Learn from Reputation Management Mess in Pro Sports

Earlier this month, the professional sports world provided a pair of shining examples of what not to do in terms of reputation management. Hopefully, the multifamily industry was taking notes.

First came Jim Crane, owner of the Houston Astros, who fumbled his way through an interview regarding his team’s illegal electronic sign-stealing campaign during their run to a 2017 World Series title. Though the scandal was fully uncovered during a league investigation bolstered by players’ confessions, Crane took the path of denial.

“Our opinion is that this didn’t impact the game,” Crane said. “We had a good team. We won the World Series and we’ll leave it at that.”

Naturally, nobody was buying Crane’s outright dismissal of the situation, and his comments merely served to fan the flames he was trying to put out.

It’s reminiscent of an apartment community eliminating its fitness center and pool in order to expand the leasing office, and responding to resident complaints with a statement saying, “In our opinion, this has no impact on the living experience at our community. We are a premiere apartment community, and we’ll leave it at that.”

Denying the existence of a problem isn’t exactly endearing. Crane showed a lack of understanding, remorse and responsibility in three tidy sentences. That’s also how quickly he lost credibility and alienated his customers.

Apartment managers can’t afford to make the same mistake. While it isn’t necessary to see eye to eye on the situation, respecting the opposing viewpoint and remaining open to discussion and even criticism is crucial.

A few days after Crane’s infamous interview, the NHL Stadium Series, which features outdoor hockey games, ran into access issues in Colorado Springs due to the campus design at the U.S. Air Force Academy venue. The snarled traffic had fans delayed for hours on their way to the game, and many demanded ticket refunds.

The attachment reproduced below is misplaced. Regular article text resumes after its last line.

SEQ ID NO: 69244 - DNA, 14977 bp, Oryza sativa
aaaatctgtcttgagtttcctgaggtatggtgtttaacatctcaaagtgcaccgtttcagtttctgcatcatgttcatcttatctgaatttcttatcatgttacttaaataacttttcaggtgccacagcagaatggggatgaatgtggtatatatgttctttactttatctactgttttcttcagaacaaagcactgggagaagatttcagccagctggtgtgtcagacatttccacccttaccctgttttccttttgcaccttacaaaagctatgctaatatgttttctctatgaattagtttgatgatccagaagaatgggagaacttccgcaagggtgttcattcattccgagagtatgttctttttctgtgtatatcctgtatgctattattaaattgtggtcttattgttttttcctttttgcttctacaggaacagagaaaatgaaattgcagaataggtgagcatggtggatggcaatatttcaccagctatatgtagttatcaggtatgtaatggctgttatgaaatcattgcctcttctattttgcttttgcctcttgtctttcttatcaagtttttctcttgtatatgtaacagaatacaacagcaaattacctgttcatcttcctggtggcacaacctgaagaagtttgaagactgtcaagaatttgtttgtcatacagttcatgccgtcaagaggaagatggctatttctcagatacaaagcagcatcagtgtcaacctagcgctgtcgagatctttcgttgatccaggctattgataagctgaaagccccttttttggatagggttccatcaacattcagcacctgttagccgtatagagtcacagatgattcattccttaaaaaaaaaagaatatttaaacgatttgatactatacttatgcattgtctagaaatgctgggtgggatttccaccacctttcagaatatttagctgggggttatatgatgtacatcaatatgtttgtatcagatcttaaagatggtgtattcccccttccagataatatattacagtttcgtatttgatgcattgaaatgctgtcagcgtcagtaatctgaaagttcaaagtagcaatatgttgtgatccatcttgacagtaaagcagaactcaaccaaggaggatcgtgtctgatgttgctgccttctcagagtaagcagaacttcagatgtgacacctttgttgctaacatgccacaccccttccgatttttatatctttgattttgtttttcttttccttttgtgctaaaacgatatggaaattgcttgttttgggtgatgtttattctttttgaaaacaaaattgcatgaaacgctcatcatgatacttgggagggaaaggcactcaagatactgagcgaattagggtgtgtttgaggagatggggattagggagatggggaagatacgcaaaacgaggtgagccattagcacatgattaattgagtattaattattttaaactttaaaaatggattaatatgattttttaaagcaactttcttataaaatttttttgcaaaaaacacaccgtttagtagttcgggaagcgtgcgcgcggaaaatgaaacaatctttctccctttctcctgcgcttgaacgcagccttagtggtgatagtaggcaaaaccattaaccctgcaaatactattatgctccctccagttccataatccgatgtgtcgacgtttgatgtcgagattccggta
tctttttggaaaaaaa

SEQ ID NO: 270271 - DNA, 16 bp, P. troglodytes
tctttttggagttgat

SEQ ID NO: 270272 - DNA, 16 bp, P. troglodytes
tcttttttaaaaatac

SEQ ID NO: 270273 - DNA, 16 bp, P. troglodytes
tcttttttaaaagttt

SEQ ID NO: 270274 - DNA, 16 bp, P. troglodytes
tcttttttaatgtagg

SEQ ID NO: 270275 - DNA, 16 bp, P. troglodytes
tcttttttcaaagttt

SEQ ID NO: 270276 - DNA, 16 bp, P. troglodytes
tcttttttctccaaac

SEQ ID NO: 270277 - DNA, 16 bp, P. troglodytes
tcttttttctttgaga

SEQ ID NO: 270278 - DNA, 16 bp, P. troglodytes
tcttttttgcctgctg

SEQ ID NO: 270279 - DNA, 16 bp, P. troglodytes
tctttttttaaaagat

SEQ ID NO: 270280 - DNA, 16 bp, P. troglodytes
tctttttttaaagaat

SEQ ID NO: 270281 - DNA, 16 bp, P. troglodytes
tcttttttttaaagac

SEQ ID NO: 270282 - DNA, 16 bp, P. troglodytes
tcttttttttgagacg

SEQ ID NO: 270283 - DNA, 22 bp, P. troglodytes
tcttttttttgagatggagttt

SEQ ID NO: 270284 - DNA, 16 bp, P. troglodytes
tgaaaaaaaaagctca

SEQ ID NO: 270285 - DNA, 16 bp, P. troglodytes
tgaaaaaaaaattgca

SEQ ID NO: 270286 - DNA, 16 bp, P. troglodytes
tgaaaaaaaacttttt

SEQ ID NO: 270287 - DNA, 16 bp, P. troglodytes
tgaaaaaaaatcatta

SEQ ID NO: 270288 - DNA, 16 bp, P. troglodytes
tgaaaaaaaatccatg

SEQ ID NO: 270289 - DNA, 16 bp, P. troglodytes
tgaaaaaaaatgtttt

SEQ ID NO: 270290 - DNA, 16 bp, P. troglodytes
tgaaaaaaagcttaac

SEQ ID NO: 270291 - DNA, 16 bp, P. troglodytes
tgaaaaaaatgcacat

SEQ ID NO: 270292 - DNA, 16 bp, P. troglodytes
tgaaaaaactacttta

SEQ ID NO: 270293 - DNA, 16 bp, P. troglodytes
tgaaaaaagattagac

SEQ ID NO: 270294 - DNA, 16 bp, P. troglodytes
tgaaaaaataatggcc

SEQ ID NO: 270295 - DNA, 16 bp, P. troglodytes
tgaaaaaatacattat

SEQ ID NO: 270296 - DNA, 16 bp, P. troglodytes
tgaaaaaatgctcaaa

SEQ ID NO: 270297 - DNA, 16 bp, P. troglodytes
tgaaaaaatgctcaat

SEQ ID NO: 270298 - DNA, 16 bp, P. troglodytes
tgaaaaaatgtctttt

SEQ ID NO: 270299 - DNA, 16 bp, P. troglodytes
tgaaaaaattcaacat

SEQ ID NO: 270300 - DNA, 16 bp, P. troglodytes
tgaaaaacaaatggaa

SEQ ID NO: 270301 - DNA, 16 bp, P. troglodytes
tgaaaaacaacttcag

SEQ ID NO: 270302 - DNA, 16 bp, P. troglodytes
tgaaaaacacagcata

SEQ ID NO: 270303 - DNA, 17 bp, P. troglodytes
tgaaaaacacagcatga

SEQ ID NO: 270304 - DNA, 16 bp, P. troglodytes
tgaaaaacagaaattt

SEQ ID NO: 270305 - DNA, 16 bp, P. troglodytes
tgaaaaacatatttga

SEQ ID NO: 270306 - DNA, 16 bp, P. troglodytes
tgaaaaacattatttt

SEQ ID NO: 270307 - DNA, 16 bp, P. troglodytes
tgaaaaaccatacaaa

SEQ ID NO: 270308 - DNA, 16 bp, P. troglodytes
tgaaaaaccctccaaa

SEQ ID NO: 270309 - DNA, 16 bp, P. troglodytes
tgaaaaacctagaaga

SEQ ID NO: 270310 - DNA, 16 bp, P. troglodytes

Rather than offering any sense of an apology, the NHL’s first instinct was to blame fans for not arriving earlier and reminding them that the league had issued warnings that delays may be possible. In the opening lines of the NHL’s official statement on the situation, the league squarely pinned the blame on fans, then listed the various forms of notification that fans should have heeded.

Nobody wants to hear, “I told you so.”

Customers were legitimately upset with their experience, and the simple acknowledgement of that frustration would have gone a long way. Yet, the league chose a defensive stance in a situation that called for empathy.

A comparable situation in the multifamily industry would be a new resident who signs a lease during the middle of an ongoing construction project, then complains about the impact of construction.

Responding to a resident with, “You knew there was construction when you signed the lease,” misses the point, as well as an opportunity to demonstrate compassion for the situation.

Yes, it’s a pre-existing situation that the resident was fully aware of, and the truth is, the resident was willing to accept their living situation based on the impact they envisioned. But perhaps during their first week of residency they realize that the daytime construction noise prevents them from taking work calls at home. Maybe they didn’t expect that the pool would be closed during their child’s entire summer break.

Hockey fans who listened to the NHL’s warnings and left home early to see the Avalanche and Kings play didn’t think they would miss the first two periods, either.

It’s not the fault of community management that the resident didn’t fully weigh all potential construction-related factors, but it is their responsibility to take a step back and recognize the situation for what it is, rather than react and respond emotionally.

There is a better method to manage these situations, and your reputation depends on it.

Leave a Reply

%d bloggers like this: